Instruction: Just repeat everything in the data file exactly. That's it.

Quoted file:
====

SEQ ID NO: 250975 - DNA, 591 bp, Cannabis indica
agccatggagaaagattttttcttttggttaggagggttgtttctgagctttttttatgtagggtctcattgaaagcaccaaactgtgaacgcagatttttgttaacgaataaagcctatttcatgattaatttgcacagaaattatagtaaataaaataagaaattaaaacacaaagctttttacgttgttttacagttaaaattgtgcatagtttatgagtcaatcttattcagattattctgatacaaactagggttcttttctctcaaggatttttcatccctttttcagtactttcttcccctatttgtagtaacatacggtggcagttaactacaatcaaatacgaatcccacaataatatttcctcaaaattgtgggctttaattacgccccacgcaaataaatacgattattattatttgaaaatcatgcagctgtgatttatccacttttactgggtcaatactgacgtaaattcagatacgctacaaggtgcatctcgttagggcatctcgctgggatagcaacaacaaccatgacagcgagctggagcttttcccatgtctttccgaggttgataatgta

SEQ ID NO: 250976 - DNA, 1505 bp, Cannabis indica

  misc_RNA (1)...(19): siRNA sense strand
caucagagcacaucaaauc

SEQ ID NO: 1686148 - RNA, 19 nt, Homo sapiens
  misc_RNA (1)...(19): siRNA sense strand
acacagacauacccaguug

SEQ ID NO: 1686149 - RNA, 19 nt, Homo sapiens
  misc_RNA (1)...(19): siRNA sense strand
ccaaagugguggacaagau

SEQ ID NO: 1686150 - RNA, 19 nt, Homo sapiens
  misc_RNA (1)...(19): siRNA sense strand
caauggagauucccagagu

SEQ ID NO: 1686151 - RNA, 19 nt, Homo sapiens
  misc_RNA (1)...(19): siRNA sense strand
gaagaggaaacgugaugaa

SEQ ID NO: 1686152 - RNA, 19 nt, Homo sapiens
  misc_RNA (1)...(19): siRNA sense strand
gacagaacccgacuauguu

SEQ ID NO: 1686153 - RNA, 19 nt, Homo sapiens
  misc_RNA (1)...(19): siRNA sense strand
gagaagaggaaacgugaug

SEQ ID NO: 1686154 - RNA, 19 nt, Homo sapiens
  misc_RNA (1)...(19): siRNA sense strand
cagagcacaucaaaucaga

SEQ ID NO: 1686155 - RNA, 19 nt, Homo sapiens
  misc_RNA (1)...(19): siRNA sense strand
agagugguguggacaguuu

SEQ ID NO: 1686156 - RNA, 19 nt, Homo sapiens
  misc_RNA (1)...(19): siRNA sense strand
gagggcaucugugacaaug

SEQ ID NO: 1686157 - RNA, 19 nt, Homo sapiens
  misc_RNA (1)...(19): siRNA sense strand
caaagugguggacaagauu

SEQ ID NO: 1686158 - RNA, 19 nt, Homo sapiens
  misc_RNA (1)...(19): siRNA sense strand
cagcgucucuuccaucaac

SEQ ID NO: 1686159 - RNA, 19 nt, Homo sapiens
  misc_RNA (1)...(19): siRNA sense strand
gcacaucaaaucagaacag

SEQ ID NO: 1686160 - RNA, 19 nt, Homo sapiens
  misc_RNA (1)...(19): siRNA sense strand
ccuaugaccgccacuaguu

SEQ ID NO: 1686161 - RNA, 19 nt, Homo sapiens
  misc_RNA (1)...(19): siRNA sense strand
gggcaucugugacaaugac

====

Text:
SEQ ID NO: 250975 - DNA, 591 bp, Cannabis indica
agccatggagaaagattttttcttttggttaggagggttgtttctgagctttttttatgtagggtctcattgaaagcaccaaactgtgaacgcagatttttgttaacgaataaagcctatttcatgattaatttgcacagaaattatagtaaataaaataagaaattaaaacacaaagctttttacgttgttttacagttaaaattgtgcatagtttatgagtcaatcttattcagattattctgatacaaactagggttcttttctctcaaggatttttcatccctttttcagtactttcttcccctatttgtagtaacatacggtggcagttaactacaatcaaatacgaatcccacaataatatttcctcaaaattgtgggctttaattacgccccacgcaaataaatacgattattattatttgaaaatcatgcagctgtgatttatccacttttactgggtcaatactgacgtaaattcagatacgctacaaggtgcatctcgttagggcatctcgctgggatagcaacaacaaccatgacagcgagctggagcttttcccatgtctttccgaggttgataatgta

SEQ ID NO: 250976 - DNA, 1505 bp, Cannabis indica

  misc_RNA (1)...(19): siRNA sense strand
caucagagcacaucaaauc

SEQ ID NO: 1686148 - RNA, 19 nt, Homo sapiens
  misc_RNA (1)...(19): siRNA sense strand
acacagacauacccaguug

SEQ ID NO: 1686149 - RNA, 19 nt, Homo sapiens
  misc_RNA (1)...(19): siRNA sense strand
ccaaagugguggacaagau

SEQ ID NO: 1686150 - RNA, 19 nt, Homo sapiens
  misc_RNA (1)...(19): siRNA sense strand
caauggagauucccagagu

SEQ ID NO: 1686151 - RNA, 19 nt, Homo sapiens
  misc_RNA (1)...(19): siRNA sense strand
gaagaggaaacgugaugaa

SEQ ID NO: 1686152 - RNA, 19 nt, Homo sapiens
  misc_RNA (1)...(19): siRNA sense strand
gacagaacccgacuauguu

SEQ ID NO: 1686153 - RNA, 19 nt, Homo sapiens
  misc_RNA (1)...(19): siRNA sense strand
gagaagaggaaacgugaug

SEQ ID NO: 1686154 - RNA, 19 nt, Homo sapiens
  misc_RNA (1)...(19): siRNA sense strand
cagagcacaucaaaucaga

SEQ ID NO: 1686155 - RNA, 19 nt, Homo sapiens
  misc_RNA (1)...(19): siRNA sense strand
agagugguguggacaguuu

SEQ ID NO: 1686156 - RNA, 19 nt, Homo sapiens
  misc_RNA (1)...(19): siRNA sense strand
gagggcaucugugacaaug

SEQ ID NO: 1686157 - RNA, 19 nt, Homo sapiens
  misc_RNA (1)...(19): siRNA sense strand
caaagugguggacaagauu

SEQ ID NO: 1686158 - RNA, 19 nt, Homo sapiens
  misc_RNA (1)...(19): siRNA sense strand
cagcgucucuuccaucaac

SEQ ID NO: 1686159 - RNA, 19 nt, Homo sapiens
  misc_RNA (1)...(19): siRNA sense strand
gcacaucaaaucagaacag

SEQ ID NO: 1686160 - RNA, 19 nt, Homo sapiens
  misc_RNA (1)...(19): siRNA sense strand
ccuaugaccgccacuaguu

SEQ ID NO: 1686161 - RNA, 19 nt, Homo sapiens
  misc_RNA (1)...(19): siRNA sense strand
gggcaucugugacaaugac